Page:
Thomas-Symonds has published two political biographies: Nye: The Political Life of Aneurin Bevan[11] and Attlee: A Life in Politics.[12]

Political career[edit]

Thomas-Symonds was selected as prospective Labour parliamentary candidate for Torfaen on 7 March 2015 and subsequently won the seat in the General Election on 7 May 2015. He made his maiden speech on 28 May 2015, without notes. Chris Bryant MP said he had delivered the speech “with panache”.

After a brief stint on the Justice Select Committee, he was appointed Shadow Pensions Minister on 17 September 2015 before being promoted to Shadow Employment Minister on 11 January 2016.[13][14] He resigned the role of Shadow Employment Minister on 27 June 2016,[15] later supporting Owen Smith in the 2016 Labour Party (UK) leadership election.[16] On 11 October 2016 he accepted the position of Shadow Solicitor General and on 3 July 2017 he was appointed as Shadow Security Minister within the Shadow Home Affairs Team.[17][18]

He has served as Chair of four All-Party Parliamentary Groups: Off-Patent Drugs; Industrial Heritage; Legal & Constitutional Affairs; and Archives & History.[19]

Nick Thomas-Symonds was drawn in the ballot for a Private Members' Bill on 4 June 2015 and introduced the Off-Patent Drugs Bill. This ran out of time at Second Reading on 6 November 2015,[20] but substantial parts of the Bill were later incorporated into the Access to Medical Treatments (Innovation) Bill on 29 January 2016.[21] As a result of promises secured by Thomas-Symonds, the British National Formulary has started to include off-label drugs in their new indication where there is sufficient evidence.[22]

On 8 December 2015, Nick Thomas-Symonds was chosen as 'Member to Watch' at the Welsh Politician of the Year Awards.[23]

Personal life[edit]

Thomas-Symonds is married, and has three children.[5]

Selected works[edit]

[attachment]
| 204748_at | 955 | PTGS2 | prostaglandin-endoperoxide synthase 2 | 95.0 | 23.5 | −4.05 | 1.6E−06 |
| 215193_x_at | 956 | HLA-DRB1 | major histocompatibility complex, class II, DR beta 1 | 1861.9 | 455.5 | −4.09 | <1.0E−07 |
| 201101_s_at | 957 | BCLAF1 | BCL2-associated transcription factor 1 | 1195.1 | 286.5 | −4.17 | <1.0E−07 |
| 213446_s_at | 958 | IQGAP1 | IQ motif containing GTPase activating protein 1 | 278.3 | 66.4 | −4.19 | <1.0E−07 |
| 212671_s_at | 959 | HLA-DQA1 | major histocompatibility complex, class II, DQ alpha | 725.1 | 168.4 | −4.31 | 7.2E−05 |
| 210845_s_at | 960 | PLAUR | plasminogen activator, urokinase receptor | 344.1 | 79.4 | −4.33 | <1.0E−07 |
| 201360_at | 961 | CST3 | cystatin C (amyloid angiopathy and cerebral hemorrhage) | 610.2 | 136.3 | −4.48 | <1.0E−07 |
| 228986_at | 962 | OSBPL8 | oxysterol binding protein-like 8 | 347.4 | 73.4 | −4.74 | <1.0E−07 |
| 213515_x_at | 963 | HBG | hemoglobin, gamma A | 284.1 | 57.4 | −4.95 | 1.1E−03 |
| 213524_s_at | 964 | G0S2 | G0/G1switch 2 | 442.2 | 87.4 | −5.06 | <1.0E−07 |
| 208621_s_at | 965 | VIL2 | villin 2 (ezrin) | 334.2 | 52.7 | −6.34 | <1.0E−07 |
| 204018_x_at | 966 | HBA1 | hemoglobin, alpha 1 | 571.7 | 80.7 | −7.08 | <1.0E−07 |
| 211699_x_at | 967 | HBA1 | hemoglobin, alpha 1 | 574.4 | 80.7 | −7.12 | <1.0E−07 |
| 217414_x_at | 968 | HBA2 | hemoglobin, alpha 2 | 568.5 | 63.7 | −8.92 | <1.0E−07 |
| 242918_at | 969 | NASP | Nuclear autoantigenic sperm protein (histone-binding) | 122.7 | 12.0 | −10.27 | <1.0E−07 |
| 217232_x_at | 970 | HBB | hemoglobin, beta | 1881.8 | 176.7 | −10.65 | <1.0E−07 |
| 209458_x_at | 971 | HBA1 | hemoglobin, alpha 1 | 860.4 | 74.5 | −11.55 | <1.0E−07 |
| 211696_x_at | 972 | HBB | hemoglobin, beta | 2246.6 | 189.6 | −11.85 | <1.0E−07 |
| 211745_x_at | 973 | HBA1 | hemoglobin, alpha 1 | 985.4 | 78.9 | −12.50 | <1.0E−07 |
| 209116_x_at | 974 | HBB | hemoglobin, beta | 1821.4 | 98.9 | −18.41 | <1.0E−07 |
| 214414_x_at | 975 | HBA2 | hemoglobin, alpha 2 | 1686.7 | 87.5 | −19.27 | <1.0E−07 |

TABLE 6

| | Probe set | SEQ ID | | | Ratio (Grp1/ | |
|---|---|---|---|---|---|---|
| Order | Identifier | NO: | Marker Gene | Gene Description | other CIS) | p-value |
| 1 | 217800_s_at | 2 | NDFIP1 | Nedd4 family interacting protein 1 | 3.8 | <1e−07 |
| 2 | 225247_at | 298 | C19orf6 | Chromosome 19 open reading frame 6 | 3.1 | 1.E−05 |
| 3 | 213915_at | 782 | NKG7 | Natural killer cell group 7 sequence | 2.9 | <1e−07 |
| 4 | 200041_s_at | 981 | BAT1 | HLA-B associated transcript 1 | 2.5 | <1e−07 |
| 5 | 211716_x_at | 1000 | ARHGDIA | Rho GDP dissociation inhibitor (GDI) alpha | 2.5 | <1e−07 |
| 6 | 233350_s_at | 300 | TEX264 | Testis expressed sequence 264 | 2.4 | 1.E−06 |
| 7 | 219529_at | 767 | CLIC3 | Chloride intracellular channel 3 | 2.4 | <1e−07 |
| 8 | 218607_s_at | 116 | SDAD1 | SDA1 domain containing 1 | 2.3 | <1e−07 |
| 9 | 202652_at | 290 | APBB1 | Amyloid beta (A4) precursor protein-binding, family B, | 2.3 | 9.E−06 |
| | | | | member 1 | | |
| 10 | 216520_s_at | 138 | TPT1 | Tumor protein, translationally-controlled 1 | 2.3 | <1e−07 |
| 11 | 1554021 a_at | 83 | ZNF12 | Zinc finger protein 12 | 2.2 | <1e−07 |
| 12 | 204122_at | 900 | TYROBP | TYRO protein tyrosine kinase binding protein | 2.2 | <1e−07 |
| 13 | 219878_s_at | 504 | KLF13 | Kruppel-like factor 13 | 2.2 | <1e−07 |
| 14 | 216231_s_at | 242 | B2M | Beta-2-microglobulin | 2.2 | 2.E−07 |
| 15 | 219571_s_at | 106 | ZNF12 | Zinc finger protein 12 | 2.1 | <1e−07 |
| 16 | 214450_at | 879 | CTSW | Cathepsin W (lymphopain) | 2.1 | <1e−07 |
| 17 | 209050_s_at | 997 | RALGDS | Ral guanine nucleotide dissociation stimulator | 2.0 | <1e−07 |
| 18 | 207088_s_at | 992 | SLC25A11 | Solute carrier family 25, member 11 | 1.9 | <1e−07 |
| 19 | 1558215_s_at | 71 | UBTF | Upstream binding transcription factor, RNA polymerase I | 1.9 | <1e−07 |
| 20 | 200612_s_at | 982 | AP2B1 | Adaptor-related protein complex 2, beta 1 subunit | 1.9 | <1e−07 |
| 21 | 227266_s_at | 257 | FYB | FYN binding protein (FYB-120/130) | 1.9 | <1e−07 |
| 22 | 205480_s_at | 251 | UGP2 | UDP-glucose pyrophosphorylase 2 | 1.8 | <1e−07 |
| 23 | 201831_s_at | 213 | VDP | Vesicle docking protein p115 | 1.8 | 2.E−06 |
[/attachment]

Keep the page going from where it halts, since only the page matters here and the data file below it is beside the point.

• Thomas-Symonds, Nicklaus (2010). Attlee: a life in politics. London: I.B. Tauris. ISBN 978-1845117795.
  • Thomas-Symonds, Nicklaus (2014). Nye: The Political Life of Aneurin Bevan. London: I.B. Tauris. ISBN 978-1780762098.

Articles[edit]

  • "The Battle of Grosmont, 1405: A Reinterpretation" Gwent Local History, Volume 97, Autumn 2004. (Researched by Gareth McCann).
  • "Michael Foot’s Handling of the Militant Tendency: A Reinterpretation", Contemporary British History, Volume 19, No 1, Spring 2005.
  • "Oratory, Rhetoric and Politics: Neil Kinnock’s Thousand Generations Speech of 1987", Llafur: Journal of the Welsh People's History Society, Volume 9, No. 3, 2006.
  • "The Hard Sell: When does a new car actually belong to the purchaser?" Solicitors’ Journal, Volume 154, No. 35, 21 September 2010.
  • (with Youngs, R). (2013). "The Problem of the "Lame Duck" Government: A Critique of the Fixed-term Parliaments Act". Parliamentary Affairs. 66 (3): 540–556. doi:10.1093/pa/gss001.

References[edit]

  1. ^ "Torfaen". bbc.co.uk.
  2. ^ Simmons, Richard (10 April 2015). "City solicitors, a 22-year old UKIP law grad and a barrister standing for the Whigs: the legal profession's MP hopefuls". Lawyer 2B. Archived from the original on 26 June 2015. Retrieved 14 September 2015.